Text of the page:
Republicans agree on how to address chemicals in water; Democrats say they have a better way

Republicans agree on how to address chemicals in water; Democrats say they have a better way
(Source: Pixabay)

RALEIGH, NC (WECT/AP) - North Carolina legislative Republicans say they've worked out an agreement to expand work and funding to clean up, contain and evaluate unregulated industrial chemicals like the one a plant dumped for decades into the Cape Fear River.

But Representative Deb Butler, a Democrat representing New Hanover County, says the Republicans have had months to file a bill.

"What's interesting to me is there is a super majority in the North Carolina General Assembly and they've had the wherewithal to get something passed since before GenX was in the water," Butler said. "They control both chambers. So my bill was filed (Thursday) and oddly enough, there was consensus on their side. That seems to me an odd curiosity but nonetheless, my bill is comprehensive. My and my colleagues' bill was discussed with scientists and environmentalists and environmental lawyers and people within the community who are stakeholders."

House and Senate GOP lawmakers filed identical bills in their chambers Thursday that represent a negotiated compromise after failing to reach agreement on competing versions last winter. The provisions still must be voted on and sent to Democratic Gov. Roy Cooper.

New Hanover County Commissioner Woody White, a Republican, said from a local perspective, the bill is finally right after months of work.

"It's really the product of months and months of work primarily by (New Hanover Republican) Senator (Michael) Lee and our local delegation and bringing together the best scientists at our awesome universities, regulators and environmental groups across the state," said White.

Representative Holly Grange (R-New Hanover County) said the bill would allow the state Department of Environmental Quality and Department of Health and Human Services to better do their jobs as it pertains to water safety.

"The Bill will give resources to DEQ so that they may eliminate their permitting backlog as well as providing them with an additional spectrometer and personnel to conduct water testing to ensure permit compliance," Grange said in a text message to WECT's Jon Evans. "It provides personnel to Department of Health and Human Services so that they may establish a water health and safety unit.

"It also allows us to use the talent in our research institutions of higher learning to develop baseline water content studies across the state. It also includes measures that will ensure communities will have clean water for their citizens regardless of the source of their drinking water."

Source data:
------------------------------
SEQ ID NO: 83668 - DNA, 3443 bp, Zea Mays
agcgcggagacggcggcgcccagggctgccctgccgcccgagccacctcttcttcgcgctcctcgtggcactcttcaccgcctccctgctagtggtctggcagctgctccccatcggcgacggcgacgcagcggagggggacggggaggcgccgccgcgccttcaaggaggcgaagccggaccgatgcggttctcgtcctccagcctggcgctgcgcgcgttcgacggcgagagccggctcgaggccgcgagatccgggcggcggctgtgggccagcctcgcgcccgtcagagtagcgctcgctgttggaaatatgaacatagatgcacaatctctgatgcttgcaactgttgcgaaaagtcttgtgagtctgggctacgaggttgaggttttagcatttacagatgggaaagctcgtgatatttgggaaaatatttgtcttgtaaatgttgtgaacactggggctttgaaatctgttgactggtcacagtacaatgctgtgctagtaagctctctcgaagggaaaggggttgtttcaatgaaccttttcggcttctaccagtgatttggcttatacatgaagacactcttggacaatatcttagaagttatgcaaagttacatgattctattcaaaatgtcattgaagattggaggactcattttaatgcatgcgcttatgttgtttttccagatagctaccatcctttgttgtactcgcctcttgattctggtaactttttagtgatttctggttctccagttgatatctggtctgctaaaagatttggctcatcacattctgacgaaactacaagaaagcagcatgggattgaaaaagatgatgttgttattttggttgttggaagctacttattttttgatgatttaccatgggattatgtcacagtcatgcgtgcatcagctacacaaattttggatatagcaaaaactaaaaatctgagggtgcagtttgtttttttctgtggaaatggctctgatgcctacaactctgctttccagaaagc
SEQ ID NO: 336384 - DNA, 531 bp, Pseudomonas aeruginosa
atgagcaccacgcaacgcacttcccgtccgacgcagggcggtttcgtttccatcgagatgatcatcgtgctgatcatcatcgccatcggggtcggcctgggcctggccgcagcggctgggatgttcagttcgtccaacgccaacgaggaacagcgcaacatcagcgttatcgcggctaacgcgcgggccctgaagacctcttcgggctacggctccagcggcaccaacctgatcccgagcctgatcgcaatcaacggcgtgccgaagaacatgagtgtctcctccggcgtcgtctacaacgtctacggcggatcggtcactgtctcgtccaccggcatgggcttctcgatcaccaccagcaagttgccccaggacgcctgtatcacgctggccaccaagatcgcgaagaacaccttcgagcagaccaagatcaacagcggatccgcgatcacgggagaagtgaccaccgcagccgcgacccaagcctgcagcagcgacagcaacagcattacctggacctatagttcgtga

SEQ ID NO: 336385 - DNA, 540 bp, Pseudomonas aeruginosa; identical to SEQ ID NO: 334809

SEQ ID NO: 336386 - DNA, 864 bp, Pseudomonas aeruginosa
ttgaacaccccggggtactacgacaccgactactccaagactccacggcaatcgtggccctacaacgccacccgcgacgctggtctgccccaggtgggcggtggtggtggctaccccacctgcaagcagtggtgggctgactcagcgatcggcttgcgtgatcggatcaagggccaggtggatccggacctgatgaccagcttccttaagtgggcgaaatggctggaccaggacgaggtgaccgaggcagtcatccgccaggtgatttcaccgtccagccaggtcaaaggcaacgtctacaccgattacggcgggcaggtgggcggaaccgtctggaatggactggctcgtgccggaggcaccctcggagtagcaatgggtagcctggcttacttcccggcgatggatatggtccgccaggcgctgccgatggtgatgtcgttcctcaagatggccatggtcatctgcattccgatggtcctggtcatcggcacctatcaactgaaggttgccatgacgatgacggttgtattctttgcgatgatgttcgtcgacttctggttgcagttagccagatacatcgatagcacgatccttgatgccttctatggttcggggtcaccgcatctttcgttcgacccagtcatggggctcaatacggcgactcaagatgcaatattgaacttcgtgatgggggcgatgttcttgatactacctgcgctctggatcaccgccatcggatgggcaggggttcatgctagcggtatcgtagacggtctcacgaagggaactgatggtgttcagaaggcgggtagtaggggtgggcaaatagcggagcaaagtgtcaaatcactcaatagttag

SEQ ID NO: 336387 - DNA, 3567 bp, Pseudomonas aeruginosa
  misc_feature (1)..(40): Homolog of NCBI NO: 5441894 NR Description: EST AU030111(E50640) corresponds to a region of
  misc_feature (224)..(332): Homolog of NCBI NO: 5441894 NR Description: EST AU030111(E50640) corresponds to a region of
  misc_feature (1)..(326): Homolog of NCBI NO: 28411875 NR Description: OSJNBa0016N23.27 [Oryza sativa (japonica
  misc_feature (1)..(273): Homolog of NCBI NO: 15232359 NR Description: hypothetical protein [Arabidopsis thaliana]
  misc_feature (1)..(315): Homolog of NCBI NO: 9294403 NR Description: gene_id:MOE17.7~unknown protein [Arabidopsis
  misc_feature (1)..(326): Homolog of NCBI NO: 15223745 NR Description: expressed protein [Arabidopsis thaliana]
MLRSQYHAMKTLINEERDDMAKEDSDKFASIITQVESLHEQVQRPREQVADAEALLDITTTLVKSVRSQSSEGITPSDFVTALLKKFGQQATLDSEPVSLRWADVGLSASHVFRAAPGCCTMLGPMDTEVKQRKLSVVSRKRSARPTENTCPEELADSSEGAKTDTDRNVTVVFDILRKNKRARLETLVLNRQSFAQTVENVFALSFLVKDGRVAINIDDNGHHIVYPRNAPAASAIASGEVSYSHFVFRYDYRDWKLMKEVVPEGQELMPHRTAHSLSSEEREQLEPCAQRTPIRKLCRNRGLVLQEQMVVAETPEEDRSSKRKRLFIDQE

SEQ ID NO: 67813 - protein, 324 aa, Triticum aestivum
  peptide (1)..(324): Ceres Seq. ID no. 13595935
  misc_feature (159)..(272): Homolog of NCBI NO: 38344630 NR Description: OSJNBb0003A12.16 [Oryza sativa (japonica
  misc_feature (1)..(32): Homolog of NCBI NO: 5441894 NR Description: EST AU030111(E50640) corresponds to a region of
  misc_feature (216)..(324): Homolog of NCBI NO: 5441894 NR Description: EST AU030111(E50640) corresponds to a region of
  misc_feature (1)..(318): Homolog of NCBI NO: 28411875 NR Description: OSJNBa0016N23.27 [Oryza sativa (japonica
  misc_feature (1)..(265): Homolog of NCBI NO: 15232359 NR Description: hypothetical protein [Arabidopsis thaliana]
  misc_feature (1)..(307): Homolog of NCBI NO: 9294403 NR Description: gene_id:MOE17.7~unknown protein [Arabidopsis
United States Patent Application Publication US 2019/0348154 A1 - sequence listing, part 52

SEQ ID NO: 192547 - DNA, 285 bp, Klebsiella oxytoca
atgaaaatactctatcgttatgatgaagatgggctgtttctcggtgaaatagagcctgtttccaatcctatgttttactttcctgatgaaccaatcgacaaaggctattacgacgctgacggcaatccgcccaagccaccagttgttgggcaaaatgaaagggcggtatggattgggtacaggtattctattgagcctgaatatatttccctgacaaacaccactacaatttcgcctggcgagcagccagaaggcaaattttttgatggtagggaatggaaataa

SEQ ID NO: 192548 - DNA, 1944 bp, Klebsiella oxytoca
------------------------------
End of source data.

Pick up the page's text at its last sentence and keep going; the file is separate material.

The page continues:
The agreement locates roughly $12 million, with $8 million for University of North Carolina researchers to sample and evaluate emerging contaminants like GenX.

The legislation also gives Cooper authority to shut down the Chemours Company's Bladen County plant that discharged GenX if his administration can't halt further unauthorized discharges by June.

"I am very glad that members of the House and the Senate were able to negotiate an agreement in order to address a serious problem," Rep. Ted Davis (R-New Hanover County) said in a text to Evans. "Since this was a negotiated agreement, I am encouraged that this legislation will subsequently be approved by both chambers. I look forward to working on future legislation that will continue to address this issue."

Butler says the Republicans have stripped Cooper of authority for a year.

"When you give Governor Cooper authority, and you've done nothing but strip him of authority over the last year, you've done everything in your power to take his authority away," she said. "Look behind the curtain and see exactly what's behind there. If Governor Cooper, who is not a scientist by the way, exercised his authority to shut Chemours down, and who knows if that will happen but DEQ is the one that has that authority and if he did that, they'd call him a job killer."

Butler says the Republicans bill has shortcomings that her bill would address.

"My bill does a lot of things. It funds those regulatory agencies," she said. "It gives them the ability to punish polluters and make them pay for the cleanup. It mandates that they filter water where necessary. ... It's substantive in nature and it gives DEQ more authority to stop these bad actors."

The Republicans are putting a greater focus on funding research from state universities instead of state researchers, according to White.

"We have the best scientists in the world at Chapel Hill, NC State, Duke University, right here in North Carolina," said White. "No offense to the state scientists. They're good too but these faculty members, they know what they're looking for. They know how to pinpoint it. They know how to keep track of the data and that's how it needs to be.

"Remember, Dr. (Detlef) Knappe is the one that discovered this. It wasn't a state regulator even though he'd been out there 37 years. It was a researcher. So putting this money in research facilities is absolutely the best thing to do and then let government enforce and prosecute people if you find a violation."

Butler says she has the backing of environmental leaders and all state riverkeepers and when put side by side, her bill is best.

"You'll see which one has the endorsement of the environmental community and the riverkeepers and the environmental lawyers and the watchdog folks," Butler said. "When you do that, you'll see that Republicans who typically favor big corporations, it doesn't stack up."

Copyright 2018 WECT. All rights reserved. The Associated Press contributed to this report.